At the end of the 2010 Congressional lame duck session, Democrats gave Republicans an extension of the Bush era tax cuts for the wealthiest in order to keep in place long term unemployment benefits for the millions in the nation who relied on checks to feed their families or keep a roof over their heads while they looked for work.
Now, a few years later, they may be going by the wayside
According to the New York Times, “The checks are stopping for the people who have the most difficulty finding work: the long-term unemployed. More than five million people have been out of work for longer than half a year. Federal benefit extensions, which supplemented state funds for payments up to 99 weeks, were intended to tide over the unemployed until the job market improved. In February, when the program was set to expire, Congress renewed it, but also phased in a reduction of the number of weeks of extended aid and effectively made it more difficult for states to qualify for the maximum aid. Since then, the jobless in 23 states have lost up to five monthsí worth of benefits.”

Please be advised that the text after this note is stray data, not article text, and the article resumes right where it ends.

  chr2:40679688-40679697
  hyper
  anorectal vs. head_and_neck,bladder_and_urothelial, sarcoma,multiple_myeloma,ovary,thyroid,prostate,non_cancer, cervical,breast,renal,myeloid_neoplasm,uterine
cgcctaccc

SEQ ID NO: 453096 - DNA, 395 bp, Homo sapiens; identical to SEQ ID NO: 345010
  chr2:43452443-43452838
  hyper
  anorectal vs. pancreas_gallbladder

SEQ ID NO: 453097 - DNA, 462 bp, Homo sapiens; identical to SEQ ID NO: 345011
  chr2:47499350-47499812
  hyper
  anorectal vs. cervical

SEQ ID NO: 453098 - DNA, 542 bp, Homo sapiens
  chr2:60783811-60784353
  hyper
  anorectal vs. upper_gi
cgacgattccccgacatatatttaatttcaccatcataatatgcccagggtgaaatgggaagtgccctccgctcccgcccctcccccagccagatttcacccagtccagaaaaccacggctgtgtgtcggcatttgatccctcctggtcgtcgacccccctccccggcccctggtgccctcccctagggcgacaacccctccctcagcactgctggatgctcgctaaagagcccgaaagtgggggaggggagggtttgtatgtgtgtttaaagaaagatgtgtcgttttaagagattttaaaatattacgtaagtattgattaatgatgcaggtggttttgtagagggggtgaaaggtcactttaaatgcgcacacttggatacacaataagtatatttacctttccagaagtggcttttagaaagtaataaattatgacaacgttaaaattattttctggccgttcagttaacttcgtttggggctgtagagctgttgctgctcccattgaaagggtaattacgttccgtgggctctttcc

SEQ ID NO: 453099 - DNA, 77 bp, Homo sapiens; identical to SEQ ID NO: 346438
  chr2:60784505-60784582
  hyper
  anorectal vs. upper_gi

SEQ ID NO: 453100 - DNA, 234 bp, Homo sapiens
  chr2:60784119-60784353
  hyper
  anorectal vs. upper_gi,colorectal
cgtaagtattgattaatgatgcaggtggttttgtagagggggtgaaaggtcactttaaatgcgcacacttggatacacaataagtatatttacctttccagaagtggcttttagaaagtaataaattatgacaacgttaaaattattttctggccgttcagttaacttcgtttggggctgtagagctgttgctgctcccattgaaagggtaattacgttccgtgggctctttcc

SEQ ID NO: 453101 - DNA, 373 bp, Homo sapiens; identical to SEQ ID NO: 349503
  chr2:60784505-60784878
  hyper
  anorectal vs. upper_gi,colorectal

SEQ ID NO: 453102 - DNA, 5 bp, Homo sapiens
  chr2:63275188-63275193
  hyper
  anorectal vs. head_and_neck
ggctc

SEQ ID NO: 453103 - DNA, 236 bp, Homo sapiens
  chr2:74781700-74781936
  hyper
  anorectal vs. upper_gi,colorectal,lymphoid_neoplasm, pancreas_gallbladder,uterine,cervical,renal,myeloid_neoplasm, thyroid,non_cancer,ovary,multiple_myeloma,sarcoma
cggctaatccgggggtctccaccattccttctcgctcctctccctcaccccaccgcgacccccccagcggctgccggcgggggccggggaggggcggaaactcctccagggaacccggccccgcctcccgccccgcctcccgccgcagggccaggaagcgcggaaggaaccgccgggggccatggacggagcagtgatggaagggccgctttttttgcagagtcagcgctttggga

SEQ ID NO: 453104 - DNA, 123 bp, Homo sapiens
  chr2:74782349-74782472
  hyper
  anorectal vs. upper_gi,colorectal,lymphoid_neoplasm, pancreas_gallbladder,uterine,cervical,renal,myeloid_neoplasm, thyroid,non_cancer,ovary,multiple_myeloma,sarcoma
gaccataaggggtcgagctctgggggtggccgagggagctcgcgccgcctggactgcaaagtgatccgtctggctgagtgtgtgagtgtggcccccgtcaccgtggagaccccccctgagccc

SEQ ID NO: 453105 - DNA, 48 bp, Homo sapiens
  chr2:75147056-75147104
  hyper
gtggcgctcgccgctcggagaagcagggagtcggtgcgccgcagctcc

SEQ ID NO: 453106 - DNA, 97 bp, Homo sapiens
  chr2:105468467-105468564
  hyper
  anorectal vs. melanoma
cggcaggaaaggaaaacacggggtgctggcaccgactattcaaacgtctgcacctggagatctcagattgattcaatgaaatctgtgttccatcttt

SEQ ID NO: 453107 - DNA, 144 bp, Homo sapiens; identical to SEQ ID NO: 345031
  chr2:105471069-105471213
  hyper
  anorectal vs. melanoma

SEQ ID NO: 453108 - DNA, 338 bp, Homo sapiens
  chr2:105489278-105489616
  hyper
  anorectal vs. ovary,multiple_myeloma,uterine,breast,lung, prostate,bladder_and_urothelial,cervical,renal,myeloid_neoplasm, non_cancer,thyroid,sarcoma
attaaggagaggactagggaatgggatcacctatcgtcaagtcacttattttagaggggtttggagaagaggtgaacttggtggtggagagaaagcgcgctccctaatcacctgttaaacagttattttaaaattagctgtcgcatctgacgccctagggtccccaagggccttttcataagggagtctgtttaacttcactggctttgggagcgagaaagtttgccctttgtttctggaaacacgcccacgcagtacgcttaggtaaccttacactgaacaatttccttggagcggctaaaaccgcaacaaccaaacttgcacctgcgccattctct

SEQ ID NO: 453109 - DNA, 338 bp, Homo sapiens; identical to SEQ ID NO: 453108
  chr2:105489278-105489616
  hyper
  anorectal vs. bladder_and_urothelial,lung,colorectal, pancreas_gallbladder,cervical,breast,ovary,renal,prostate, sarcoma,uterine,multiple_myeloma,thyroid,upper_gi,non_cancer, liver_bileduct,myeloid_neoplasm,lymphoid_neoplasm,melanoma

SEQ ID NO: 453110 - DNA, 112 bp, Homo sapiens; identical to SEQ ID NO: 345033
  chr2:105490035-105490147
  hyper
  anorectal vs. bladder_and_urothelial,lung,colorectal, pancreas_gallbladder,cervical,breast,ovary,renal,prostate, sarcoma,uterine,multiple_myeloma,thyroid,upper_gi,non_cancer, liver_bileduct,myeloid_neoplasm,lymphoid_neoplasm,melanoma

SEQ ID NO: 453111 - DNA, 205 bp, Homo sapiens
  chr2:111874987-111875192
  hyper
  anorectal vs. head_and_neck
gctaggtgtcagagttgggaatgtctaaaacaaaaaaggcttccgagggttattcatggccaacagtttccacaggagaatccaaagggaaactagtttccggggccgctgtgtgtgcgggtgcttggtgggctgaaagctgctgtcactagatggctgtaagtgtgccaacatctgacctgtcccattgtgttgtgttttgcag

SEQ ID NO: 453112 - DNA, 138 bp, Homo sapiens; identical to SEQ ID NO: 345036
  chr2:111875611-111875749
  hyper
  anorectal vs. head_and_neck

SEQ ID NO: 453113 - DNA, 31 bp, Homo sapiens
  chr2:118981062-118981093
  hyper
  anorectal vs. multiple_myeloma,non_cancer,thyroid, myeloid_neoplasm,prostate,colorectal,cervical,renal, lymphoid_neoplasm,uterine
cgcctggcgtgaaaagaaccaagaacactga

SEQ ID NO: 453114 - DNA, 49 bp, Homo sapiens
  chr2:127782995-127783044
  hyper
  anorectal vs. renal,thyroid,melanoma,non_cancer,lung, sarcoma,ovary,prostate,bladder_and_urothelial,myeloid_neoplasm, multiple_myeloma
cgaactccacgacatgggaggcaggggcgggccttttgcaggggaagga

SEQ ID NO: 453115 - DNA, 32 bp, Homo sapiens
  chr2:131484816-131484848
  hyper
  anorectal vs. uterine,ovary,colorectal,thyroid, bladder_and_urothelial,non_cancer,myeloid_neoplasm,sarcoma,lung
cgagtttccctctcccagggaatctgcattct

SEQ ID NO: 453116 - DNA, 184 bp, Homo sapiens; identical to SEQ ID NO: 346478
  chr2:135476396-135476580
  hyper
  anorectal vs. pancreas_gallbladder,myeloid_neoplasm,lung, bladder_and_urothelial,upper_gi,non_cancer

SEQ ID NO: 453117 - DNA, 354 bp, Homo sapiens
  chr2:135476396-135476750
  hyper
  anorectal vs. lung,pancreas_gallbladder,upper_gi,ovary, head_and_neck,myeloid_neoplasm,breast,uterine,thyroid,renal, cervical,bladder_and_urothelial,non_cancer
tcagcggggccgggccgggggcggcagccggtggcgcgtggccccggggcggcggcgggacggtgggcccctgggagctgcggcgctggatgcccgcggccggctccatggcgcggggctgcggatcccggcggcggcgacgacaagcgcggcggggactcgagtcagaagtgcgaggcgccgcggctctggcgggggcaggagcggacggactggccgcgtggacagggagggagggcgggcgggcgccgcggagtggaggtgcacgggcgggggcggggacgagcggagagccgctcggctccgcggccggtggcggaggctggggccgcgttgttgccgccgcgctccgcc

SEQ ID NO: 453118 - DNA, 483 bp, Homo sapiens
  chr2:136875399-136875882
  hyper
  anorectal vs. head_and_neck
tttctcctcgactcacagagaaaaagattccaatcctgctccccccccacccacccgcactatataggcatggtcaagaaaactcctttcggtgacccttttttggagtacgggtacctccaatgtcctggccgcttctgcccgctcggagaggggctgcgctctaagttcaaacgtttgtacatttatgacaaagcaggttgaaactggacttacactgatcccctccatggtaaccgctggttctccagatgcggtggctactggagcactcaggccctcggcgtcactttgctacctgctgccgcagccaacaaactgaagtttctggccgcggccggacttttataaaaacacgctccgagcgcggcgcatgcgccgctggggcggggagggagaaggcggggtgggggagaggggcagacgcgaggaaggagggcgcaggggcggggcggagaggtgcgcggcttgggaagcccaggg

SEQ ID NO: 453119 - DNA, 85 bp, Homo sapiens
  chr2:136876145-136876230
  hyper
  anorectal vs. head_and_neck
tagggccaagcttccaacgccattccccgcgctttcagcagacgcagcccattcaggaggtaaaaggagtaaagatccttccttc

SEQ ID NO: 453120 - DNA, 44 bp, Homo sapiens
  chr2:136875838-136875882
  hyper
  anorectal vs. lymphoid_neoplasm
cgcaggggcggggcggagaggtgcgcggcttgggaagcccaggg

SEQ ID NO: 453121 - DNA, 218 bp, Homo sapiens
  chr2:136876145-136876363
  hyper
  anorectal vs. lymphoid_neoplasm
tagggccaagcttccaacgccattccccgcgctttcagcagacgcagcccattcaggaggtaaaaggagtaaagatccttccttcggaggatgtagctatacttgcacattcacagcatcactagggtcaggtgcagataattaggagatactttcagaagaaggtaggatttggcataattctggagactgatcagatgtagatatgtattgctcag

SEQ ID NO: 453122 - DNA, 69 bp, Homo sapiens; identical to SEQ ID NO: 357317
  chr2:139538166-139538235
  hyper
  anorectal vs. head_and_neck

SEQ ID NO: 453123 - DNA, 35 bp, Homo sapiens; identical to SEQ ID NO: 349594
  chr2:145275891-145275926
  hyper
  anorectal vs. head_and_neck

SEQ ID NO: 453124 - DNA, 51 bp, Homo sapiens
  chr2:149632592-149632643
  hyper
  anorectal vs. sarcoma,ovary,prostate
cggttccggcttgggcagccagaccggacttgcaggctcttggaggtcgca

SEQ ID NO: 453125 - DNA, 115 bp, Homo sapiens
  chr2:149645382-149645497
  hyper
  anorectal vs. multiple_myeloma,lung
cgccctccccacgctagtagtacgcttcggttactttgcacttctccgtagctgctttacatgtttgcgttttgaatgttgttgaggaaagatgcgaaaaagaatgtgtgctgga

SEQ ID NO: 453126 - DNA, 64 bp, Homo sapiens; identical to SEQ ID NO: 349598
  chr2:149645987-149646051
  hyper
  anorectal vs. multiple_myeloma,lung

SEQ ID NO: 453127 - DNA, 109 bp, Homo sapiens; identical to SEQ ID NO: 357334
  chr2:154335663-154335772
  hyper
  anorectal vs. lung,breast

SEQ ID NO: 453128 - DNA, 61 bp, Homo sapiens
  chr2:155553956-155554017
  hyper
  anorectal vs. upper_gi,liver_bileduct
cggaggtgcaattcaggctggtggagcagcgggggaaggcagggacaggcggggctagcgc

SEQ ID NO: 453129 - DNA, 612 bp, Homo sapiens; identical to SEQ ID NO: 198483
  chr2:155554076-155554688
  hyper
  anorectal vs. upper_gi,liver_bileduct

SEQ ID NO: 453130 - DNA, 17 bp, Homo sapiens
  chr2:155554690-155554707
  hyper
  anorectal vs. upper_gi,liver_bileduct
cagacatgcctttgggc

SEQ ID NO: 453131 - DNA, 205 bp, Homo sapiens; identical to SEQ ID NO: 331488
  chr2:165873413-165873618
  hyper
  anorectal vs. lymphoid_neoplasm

Now that the unemployment rate has stabilized, politicians argue, there is no reason to keep the extensions.† If the unemployment rate isn’t increasing it must be easier to find a job.† But that doesn’t take into factor the myriad of issues that feed into the lower rate — that people are taking lesser paying jobs rather than holding out for ones that they are best qualified for or are in their industry, that many are leaving the workforce all together via early retirement, or that some are just giving up all together.
Even if the unemployment rate had dropped in half, what good does that do for the person who can’t find a job?† Cutting off benefits doesn’t make a person magically have a job.† It simply forces them to find another means to make ends meet — sell off every asset, apply for food stamps, beg from families.
Unemployment benefits are being cut in the name of a recovering economy. Yet the tax cuts for millionaires?† Those haven’t been touched, and Republicans want to make them a permanent part of the tax code.† No discussion of sunsetting those out once the economy shows signs of recovery.
Talk about a double standard.
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